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Green Spaces and Aggression

The Reasonable Person Model blog here.

Many people have experienced how a walk in the woods on a beautiful Fall day can clear our minds and make us feel good. Whenever I have a problem to solve, I find that a walk on the river trail near my home helps me think more clearly and some of my best ideas seem to arise spontaneously while I am enjoying the colours, scents and sounds of the trail.

There are studies which support the beneficial effects of nature in reducing stress levels and improving mood and cognitive functioning. In a previous post, I referred to the Attention Restoration Theory (ART) which explains the important ways in which natural environments are effective in restoring our ability to direct our attention. I believe this is important information which can helpfully inform how we structure conflict resolution processes because the cognitive capacities that are replenished by contact with nature are those which are vitally important in, for example, a problem-solving process such as mediation.

But here is something else to thing about on a broader scale. There is also evidence that exposure to nature can also reduce the incidence of violent and aggressive behaviours. A study by Kuo and Sullivan looked at the effects of nearby nature on the incidence of psychological and physical (classified as both mild and severe) violence in inner city neighbourhoods. Their study provides strong evidence that we can now add reducing the incidence of interpersonal aggression and violence to the already known benefits of nature. According to the researchers,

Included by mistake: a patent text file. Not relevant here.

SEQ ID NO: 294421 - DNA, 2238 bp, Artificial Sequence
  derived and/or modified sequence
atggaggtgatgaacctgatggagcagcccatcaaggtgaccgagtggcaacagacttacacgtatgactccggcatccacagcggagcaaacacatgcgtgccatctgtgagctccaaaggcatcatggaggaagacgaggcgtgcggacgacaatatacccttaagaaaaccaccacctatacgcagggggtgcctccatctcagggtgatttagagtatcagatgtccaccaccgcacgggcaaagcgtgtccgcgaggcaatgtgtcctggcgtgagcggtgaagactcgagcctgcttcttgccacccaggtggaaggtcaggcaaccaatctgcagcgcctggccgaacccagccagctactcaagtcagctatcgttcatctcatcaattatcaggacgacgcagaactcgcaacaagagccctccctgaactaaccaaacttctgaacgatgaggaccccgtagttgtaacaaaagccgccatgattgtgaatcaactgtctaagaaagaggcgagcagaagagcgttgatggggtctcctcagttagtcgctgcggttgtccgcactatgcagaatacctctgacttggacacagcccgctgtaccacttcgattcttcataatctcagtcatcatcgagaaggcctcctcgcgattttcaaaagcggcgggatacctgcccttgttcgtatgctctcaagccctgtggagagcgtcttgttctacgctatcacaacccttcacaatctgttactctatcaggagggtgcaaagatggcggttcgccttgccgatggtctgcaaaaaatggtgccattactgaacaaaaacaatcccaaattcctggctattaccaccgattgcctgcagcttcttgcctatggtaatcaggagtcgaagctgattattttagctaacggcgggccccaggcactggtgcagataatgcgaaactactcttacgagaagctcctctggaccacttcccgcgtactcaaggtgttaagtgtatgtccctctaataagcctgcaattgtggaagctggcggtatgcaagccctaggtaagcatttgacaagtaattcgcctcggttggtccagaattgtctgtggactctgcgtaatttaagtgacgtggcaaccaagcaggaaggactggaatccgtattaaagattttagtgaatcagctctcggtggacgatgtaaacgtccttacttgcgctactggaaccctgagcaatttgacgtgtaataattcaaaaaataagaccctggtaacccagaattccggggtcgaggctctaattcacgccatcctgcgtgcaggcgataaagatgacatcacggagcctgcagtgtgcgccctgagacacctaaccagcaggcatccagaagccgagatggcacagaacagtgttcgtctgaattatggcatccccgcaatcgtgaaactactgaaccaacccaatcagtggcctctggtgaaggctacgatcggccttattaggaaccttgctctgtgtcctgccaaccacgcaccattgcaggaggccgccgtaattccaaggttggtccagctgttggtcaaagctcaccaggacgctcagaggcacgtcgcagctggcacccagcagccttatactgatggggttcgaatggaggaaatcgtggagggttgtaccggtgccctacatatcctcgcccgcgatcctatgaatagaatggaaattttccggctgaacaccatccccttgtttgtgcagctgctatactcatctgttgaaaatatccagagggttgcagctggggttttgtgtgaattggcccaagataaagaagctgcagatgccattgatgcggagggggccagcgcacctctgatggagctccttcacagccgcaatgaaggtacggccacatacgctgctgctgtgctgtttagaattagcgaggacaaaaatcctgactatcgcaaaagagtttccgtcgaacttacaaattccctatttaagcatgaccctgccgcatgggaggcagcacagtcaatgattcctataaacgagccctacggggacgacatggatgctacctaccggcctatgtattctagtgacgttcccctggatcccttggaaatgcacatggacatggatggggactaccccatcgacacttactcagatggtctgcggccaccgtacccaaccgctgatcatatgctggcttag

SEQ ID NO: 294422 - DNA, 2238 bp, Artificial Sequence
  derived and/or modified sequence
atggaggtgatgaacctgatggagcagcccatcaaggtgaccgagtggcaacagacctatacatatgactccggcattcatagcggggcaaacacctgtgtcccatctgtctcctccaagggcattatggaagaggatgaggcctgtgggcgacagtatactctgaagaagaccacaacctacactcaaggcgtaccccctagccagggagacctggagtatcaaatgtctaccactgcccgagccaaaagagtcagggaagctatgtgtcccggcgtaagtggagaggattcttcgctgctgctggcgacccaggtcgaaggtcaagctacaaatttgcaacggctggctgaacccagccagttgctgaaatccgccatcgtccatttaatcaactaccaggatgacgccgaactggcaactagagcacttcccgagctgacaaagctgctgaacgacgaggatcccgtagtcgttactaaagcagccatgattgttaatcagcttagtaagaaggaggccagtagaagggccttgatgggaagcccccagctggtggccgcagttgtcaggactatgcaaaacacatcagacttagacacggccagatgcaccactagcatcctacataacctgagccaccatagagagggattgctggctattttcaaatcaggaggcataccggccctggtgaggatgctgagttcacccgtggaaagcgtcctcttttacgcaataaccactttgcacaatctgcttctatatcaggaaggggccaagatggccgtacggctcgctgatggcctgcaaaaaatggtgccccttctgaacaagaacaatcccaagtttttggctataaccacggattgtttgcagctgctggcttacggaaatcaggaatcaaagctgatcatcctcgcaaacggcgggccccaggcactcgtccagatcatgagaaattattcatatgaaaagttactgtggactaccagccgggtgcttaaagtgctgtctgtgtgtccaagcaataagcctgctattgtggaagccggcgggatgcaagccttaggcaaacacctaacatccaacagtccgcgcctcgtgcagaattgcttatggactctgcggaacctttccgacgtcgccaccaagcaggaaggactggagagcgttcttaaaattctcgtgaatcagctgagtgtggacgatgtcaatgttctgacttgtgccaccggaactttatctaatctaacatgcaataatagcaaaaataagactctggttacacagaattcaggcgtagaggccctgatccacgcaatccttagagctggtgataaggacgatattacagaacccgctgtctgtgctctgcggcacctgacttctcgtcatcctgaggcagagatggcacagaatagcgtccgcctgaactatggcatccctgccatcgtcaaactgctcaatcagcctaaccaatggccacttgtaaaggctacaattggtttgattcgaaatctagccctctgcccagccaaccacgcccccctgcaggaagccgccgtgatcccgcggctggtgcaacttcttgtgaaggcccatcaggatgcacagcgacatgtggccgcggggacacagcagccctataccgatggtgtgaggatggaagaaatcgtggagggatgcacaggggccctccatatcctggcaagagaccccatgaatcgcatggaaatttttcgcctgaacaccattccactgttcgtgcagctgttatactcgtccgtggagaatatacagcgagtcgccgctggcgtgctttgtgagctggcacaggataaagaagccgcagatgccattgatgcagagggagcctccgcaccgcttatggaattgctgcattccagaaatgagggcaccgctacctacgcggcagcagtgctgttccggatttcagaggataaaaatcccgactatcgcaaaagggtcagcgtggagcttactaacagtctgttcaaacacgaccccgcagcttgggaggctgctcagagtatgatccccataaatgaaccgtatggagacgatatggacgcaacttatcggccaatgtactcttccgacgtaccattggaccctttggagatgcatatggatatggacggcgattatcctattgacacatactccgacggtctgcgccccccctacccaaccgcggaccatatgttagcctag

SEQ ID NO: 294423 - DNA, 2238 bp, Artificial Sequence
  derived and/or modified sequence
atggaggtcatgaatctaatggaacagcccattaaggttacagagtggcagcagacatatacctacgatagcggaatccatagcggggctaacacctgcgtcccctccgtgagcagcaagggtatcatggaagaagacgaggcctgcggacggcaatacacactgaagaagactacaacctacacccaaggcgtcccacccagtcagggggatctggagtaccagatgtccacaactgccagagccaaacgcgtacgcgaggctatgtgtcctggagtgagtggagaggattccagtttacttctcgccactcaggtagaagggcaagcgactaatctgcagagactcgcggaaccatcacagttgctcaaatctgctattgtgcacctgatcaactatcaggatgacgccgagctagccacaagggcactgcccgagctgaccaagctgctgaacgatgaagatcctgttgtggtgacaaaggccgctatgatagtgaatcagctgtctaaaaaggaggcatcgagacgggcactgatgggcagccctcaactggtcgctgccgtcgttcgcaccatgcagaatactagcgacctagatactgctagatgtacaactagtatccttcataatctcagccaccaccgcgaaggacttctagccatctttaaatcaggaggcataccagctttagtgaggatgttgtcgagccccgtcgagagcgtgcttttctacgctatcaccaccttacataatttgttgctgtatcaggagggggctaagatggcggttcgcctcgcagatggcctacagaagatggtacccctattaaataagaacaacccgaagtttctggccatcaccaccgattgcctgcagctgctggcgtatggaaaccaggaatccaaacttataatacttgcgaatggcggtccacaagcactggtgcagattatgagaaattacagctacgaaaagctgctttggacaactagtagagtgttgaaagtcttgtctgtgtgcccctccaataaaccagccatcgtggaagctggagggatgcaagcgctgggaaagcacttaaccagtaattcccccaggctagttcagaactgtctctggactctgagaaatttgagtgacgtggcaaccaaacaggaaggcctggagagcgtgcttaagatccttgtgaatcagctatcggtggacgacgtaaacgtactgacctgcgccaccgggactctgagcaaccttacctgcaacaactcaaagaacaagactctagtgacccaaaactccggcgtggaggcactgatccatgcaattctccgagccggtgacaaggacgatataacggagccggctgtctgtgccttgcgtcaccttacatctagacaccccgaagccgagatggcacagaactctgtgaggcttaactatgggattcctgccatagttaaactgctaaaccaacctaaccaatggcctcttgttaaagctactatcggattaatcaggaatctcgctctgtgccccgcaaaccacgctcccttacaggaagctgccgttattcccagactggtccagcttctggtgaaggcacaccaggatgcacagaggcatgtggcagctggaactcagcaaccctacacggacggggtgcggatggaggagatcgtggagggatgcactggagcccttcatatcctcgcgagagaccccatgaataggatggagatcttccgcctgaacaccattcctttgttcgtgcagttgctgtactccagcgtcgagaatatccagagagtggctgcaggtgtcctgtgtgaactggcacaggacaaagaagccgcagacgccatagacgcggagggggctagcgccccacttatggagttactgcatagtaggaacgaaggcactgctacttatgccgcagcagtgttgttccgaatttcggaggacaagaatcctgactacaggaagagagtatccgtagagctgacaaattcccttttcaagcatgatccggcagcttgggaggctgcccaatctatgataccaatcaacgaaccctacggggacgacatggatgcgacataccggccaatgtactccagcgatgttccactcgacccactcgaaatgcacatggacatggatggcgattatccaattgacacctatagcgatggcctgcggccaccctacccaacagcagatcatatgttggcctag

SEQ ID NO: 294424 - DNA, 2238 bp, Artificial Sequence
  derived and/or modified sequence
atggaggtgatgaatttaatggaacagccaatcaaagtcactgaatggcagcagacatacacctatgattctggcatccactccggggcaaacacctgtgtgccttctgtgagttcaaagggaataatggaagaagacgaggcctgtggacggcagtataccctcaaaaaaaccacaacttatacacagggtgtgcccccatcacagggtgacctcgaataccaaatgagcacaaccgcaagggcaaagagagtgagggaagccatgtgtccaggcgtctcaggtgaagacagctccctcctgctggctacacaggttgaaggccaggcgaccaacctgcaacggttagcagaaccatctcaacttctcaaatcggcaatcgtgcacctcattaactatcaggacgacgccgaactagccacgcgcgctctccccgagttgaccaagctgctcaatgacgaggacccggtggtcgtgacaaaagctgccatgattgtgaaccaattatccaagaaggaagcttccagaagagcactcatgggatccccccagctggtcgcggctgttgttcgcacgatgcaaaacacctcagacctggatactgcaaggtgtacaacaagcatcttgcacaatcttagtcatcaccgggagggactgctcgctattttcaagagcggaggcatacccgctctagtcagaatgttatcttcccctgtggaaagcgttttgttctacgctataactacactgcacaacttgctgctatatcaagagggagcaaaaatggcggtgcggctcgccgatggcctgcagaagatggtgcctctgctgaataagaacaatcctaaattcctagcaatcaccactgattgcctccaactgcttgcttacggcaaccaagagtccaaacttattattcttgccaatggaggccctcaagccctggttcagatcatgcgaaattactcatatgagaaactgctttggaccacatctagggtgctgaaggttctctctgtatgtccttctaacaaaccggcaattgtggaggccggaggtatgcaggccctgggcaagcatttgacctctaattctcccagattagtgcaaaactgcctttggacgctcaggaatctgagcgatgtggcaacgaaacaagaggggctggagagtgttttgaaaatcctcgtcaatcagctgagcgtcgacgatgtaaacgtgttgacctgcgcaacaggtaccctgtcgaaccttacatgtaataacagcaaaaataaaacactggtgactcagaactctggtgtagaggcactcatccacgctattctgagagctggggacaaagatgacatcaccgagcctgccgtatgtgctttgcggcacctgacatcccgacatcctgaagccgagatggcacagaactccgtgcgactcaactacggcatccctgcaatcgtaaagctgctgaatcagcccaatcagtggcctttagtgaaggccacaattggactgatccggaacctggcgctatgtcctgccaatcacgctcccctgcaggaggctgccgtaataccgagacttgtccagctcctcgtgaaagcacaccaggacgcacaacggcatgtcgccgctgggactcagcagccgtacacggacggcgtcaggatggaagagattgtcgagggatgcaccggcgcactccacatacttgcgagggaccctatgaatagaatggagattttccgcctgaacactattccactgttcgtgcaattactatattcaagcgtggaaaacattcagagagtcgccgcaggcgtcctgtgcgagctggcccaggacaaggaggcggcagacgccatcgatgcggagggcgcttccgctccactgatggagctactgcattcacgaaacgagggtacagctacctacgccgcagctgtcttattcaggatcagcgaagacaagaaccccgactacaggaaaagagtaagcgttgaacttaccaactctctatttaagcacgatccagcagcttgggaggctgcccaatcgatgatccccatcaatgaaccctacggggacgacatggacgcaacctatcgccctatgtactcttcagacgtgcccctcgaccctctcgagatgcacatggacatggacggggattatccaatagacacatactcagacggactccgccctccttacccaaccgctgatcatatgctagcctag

"This study demonstrates a link between nature and reduced aggression in an experimental design and provides clear support for the proposed mechanism of attentional restoration. In doing so, it extends attention restoration theory and shows that the theory has implications for a concern as important as levels of aggression and violence in inner-city neighbourhoods."

The implications of information such as this on how we think about conflict and conflict resolution should not be overlooked. As I look around my own city, I notice that the Mayor is now creating an Advisory Committee on crime prevention to address a perceived and feared rise in violence stemming from new found prosperity. I noticed on the council agenda last night as well that they also have an "Urban Forest Advisory Committee" (formerly the "Tree Committee"). I hope these committees will be collaborating.

                        author

Karen Hollett

Karen Hollett is a lawyer, arbitrator and mediator working in Canada. She can can be reached at The Centre for Innovative Dispute Resolution in St. John's Newfoundland, Canada. MORE >

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